16 Sep Open Letter to Marketing & PR Agencies in the Bicycle Industry
Marketing departments, CEO’s and public relations agencies this is for you
It is Sunday evening at 5pm eastern standard time. In 12 hours I will be at the airport on my way to Las Vegas for Interbike. Most of my collegues and friends are either in Las Vegas or on their way. They aren’t sitting by their phone or computer waiting…
We aren’t waiting to get your press release the Saturday night before a show that starts on Monday. We don’t want a meeting invitation hours before we travel. We want planning, we want to be prepared and we want to get your shit at least 5 days ago.
I do my best to walk into a trade show, conference or any meeting (with ANYONE) prepared. Product or person researched. Questions formed. Batteries charged. Clothes wrinkle free and brain ready to rock.
When you send me meeting request last minute, or photos of product being launched… or the best yet, a link to a website that doesn’t even have a page holder but a dead link. You have sacrificed your image and even more, you have put yourself into a class that I don’t believe you give a shit about your product or those you are asking to promote it.
Next time you aren’t prepared here’s a suggestion. Don’t message or email me unless you are telling me to stop by your booth for a free beer. No time commitments, no broken links. Just a text email, text message or phone call that shows you realize you are behind the times but want to connect when I can.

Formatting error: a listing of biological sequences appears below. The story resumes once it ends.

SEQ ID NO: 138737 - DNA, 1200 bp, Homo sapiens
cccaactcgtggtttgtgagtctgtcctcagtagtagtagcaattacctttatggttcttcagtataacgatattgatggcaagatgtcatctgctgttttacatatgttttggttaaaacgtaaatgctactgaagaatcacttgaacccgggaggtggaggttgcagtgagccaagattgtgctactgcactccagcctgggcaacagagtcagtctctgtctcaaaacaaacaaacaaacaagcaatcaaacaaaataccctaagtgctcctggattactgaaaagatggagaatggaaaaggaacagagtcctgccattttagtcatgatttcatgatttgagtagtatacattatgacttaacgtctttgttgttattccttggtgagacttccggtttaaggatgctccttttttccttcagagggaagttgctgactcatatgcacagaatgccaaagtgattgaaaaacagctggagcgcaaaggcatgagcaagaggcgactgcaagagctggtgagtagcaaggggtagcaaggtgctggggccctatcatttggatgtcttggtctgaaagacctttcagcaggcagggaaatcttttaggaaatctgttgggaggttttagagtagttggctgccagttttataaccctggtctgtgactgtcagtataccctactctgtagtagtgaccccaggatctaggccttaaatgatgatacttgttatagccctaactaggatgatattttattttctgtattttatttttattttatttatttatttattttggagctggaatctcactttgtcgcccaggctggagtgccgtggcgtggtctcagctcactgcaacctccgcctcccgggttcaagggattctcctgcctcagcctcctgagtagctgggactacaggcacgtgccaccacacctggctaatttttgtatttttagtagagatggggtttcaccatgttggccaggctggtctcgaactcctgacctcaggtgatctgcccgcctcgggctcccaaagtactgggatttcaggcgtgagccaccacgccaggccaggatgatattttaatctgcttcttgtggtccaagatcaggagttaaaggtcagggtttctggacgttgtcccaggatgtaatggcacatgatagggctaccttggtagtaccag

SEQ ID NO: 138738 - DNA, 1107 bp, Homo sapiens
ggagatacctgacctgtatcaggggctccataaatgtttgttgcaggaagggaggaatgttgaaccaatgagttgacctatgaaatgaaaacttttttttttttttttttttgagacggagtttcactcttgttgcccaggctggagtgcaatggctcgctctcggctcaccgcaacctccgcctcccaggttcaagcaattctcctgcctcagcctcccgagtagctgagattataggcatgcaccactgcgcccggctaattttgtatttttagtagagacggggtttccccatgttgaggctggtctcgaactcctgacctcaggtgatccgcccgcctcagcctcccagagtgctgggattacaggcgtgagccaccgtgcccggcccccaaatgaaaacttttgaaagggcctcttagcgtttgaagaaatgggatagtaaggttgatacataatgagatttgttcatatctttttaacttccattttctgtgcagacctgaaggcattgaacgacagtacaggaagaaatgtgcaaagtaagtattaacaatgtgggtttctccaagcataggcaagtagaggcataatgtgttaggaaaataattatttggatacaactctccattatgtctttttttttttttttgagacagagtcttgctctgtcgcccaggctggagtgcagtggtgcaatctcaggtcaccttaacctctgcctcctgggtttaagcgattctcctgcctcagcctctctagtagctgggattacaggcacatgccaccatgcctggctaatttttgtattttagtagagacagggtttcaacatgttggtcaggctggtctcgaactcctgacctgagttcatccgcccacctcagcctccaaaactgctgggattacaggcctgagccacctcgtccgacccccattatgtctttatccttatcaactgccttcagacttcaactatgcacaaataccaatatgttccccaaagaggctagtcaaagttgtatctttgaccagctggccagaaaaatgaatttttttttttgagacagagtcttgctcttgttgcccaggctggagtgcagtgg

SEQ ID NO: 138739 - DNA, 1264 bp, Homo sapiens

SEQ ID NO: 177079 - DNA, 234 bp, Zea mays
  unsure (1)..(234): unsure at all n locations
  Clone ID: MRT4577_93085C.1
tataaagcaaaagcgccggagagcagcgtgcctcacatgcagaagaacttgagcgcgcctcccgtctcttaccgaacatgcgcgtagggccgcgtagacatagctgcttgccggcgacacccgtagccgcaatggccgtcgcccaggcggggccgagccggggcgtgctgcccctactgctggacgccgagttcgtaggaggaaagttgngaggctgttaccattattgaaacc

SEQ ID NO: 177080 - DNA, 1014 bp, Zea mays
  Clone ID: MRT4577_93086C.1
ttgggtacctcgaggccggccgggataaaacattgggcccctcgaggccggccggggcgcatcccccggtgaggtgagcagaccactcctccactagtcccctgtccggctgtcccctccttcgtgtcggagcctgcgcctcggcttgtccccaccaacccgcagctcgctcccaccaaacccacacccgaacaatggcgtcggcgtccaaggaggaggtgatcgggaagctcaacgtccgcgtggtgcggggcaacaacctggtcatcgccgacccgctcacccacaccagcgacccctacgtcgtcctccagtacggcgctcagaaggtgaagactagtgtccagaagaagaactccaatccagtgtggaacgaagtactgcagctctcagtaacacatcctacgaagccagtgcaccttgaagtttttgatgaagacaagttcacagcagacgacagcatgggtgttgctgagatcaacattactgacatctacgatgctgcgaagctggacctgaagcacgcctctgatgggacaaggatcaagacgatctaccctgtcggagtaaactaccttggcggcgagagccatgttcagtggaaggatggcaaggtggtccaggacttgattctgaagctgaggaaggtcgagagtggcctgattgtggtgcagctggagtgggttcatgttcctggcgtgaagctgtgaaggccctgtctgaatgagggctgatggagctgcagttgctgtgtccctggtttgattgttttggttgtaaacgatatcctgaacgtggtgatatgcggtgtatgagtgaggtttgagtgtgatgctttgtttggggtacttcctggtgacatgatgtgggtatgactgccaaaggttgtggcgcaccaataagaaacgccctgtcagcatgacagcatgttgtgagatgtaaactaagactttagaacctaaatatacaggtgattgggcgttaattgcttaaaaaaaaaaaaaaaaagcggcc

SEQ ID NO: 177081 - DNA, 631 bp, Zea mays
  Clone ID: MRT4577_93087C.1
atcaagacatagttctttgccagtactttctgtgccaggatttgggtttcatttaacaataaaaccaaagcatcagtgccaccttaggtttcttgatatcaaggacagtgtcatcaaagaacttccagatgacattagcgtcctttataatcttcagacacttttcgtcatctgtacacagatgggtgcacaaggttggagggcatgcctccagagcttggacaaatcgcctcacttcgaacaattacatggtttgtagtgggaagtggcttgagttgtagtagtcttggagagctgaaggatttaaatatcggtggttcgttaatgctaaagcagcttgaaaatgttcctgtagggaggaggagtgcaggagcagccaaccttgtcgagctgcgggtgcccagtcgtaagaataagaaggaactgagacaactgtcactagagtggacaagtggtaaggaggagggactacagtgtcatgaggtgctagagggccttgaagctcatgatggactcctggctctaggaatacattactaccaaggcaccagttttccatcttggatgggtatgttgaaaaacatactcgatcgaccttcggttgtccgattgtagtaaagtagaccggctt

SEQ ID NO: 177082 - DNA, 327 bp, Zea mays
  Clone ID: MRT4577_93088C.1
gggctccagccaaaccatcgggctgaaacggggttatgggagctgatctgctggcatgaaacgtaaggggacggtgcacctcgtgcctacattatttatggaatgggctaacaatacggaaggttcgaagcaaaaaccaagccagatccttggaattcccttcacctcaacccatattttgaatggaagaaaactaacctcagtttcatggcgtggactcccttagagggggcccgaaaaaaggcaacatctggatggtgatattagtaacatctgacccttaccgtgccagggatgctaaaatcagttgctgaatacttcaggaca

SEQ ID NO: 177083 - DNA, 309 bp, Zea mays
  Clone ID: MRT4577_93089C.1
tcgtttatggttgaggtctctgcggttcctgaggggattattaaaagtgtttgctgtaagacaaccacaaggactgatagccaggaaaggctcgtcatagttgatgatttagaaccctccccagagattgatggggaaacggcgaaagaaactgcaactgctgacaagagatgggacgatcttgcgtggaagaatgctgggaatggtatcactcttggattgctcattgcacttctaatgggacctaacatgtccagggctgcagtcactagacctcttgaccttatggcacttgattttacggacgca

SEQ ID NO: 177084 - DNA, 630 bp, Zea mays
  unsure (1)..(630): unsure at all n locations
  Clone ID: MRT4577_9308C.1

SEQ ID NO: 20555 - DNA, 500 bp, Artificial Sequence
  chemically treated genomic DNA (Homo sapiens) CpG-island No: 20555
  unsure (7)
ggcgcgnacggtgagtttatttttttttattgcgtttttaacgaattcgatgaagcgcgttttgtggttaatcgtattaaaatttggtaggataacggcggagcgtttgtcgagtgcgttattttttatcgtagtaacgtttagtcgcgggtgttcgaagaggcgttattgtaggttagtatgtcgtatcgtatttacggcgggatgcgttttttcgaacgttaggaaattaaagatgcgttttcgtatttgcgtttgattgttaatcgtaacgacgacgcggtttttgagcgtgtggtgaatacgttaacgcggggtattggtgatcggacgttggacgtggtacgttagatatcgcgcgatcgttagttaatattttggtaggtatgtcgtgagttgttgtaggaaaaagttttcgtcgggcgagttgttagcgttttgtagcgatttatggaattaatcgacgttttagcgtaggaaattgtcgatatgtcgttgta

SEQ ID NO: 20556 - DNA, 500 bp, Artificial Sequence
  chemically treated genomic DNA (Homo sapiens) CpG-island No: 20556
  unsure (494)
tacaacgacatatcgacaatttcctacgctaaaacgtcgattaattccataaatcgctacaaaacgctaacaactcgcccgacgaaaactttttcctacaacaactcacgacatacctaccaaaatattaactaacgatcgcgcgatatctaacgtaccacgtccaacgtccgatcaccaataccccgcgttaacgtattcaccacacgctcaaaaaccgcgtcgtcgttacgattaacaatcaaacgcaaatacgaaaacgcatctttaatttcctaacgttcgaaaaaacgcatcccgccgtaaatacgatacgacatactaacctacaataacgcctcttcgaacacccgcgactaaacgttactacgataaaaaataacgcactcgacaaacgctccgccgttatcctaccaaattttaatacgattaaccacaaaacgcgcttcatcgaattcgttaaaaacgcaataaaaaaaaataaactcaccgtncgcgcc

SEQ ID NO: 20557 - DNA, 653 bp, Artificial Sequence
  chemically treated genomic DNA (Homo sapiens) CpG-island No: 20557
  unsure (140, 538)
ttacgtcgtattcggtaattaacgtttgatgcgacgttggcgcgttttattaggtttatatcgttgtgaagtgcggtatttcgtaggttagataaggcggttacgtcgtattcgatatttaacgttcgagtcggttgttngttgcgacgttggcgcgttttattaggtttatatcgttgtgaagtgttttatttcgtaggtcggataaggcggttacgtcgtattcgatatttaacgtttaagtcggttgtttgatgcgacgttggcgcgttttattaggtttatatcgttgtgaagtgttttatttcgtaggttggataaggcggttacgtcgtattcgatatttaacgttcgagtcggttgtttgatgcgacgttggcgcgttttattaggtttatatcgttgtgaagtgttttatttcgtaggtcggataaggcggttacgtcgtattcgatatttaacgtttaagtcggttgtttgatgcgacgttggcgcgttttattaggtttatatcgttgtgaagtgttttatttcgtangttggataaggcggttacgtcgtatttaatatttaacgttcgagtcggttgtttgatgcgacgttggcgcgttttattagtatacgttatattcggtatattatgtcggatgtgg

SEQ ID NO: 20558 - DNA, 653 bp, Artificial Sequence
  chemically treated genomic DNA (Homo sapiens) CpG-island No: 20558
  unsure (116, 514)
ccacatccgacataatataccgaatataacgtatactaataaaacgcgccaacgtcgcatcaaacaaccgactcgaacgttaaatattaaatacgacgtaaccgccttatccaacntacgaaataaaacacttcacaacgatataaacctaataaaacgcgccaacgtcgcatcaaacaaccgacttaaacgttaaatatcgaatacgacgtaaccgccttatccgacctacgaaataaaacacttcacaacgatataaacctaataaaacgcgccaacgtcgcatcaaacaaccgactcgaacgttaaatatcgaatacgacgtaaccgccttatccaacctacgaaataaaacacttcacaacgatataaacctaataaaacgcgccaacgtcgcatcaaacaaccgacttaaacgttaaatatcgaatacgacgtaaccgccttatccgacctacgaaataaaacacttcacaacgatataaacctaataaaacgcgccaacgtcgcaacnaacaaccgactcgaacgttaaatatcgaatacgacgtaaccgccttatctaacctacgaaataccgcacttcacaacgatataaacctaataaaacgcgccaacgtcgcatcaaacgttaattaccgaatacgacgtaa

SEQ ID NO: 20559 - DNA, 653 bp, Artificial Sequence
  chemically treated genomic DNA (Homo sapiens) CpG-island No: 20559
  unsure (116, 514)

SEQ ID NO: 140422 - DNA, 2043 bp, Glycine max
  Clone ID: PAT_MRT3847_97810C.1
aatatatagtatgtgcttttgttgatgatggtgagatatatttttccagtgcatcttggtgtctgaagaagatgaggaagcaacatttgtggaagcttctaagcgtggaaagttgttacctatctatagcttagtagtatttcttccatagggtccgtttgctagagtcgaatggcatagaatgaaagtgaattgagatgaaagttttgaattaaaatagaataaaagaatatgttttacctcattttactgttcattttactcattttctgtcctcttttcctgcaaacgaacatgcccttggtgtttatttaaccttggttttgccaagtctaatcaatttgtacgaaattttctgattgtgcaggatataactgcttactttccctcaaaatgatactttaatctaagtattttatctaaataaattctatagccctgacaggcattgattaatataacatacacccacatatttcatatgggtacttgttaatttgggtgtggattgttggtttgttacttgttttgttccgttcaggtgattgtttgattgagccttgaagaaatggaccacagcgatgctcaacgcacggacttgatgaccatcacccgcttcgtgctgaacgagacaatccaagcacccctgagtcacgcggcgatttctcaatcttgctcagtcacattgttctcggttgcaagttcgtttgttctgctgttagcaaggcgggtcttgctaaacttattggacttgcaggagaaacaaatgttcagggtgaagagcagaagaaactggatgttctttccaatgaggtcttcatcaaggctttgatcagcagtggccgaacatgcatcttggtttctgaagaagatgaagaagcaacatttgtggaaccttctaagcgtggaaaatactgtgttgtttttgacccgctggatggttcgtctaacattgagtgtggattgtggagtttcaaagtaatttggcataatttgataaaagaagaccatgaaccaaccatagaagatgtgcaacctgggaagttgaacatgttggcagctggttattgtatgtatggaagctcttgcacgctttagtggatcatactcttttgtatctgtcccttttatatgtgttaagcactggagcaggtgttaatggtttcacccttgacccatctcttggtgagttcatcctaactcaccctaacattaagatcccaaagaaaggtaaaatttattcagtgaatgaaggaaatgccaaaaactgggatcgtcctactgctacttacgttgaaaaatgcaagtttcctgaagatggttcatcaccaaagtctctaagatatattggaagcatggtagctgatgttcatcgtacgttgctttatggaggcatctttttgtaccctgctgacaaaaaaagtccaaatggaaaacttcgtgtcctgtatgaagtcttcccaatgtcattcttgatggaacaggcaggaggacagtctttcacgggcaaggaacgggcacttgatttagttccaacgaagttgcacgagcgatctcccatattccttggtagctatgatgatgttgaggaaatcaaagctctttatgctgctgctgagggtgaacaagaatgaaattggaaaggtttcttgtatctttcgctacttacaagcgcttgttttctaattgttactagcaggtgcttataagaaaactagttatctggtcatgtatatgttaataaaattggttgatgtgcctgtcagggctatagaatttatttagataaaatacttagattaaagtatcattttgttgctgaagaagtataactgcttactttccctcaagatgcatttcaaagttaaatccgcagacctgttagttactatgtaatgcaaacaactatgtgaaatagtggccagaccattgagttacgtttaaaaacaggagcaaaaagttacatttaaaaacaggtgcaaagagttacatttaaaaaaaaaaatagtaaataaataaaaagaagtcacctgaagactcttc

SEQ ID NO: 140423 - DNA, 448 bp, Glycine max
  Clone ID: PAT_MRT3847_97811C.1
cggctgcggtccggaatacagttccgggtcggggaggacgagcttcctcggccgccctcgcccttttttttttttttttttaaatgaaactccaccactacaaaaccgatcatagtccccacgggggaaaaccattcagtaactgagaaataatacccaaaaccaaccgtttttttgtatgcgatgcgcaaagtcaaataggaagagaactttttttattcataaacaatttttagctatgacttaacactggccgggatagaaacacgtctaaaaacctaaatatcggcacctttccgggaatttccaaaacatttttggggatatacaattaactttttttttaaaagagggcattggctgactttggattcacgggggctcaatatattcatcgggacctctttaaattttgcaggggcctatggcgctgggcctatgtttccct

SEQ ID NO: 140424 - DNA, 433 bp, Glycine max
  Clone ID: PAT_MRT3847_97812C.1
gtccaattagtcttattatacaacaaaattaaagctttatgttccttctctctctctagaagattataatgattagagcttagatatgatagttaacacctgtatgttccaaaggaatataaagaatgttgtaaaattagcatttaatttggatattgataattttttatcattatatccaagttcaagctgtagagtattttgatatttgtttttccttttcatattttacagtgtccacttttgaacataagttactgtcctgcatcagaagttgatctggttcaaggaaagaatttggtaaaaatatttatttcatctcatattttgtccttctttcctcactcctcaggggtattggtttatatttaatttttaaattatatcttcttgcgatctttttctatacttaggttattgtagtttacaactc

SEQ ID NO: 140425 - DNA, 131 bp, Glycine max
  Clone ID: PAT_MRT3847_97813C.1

My job over the next 7 days is two fold:
#1 sell product for the brands I represent in the Southeast.
#2 to promote product I believe my readers will enjoy.
It is not to promote a product I believe will let them down, come to market late or backed by people that don’t have their goods straight. You aren’t paying me and every person that emailed over the past 5 days.. I don’t owe a favor to. The people that I owe favors to have been contacted and meetings (or beer) have been setup.
Who am I to say all this? I’ve brought many marketing campaigns and products to market bigger than your jersey or new bike wheel design. There is rhyme and reason to it. Being a class act and putting your best foot forward are PR 101.
Arleigh Jenkins – Bike Shop Girl.
PS. I may stop by your booth to give you a hard time. I promise I’ll be smiling and I’m not there to piss you off. I want the bike industry to grow, be strong and have standards. Take this as my way of helping you get there.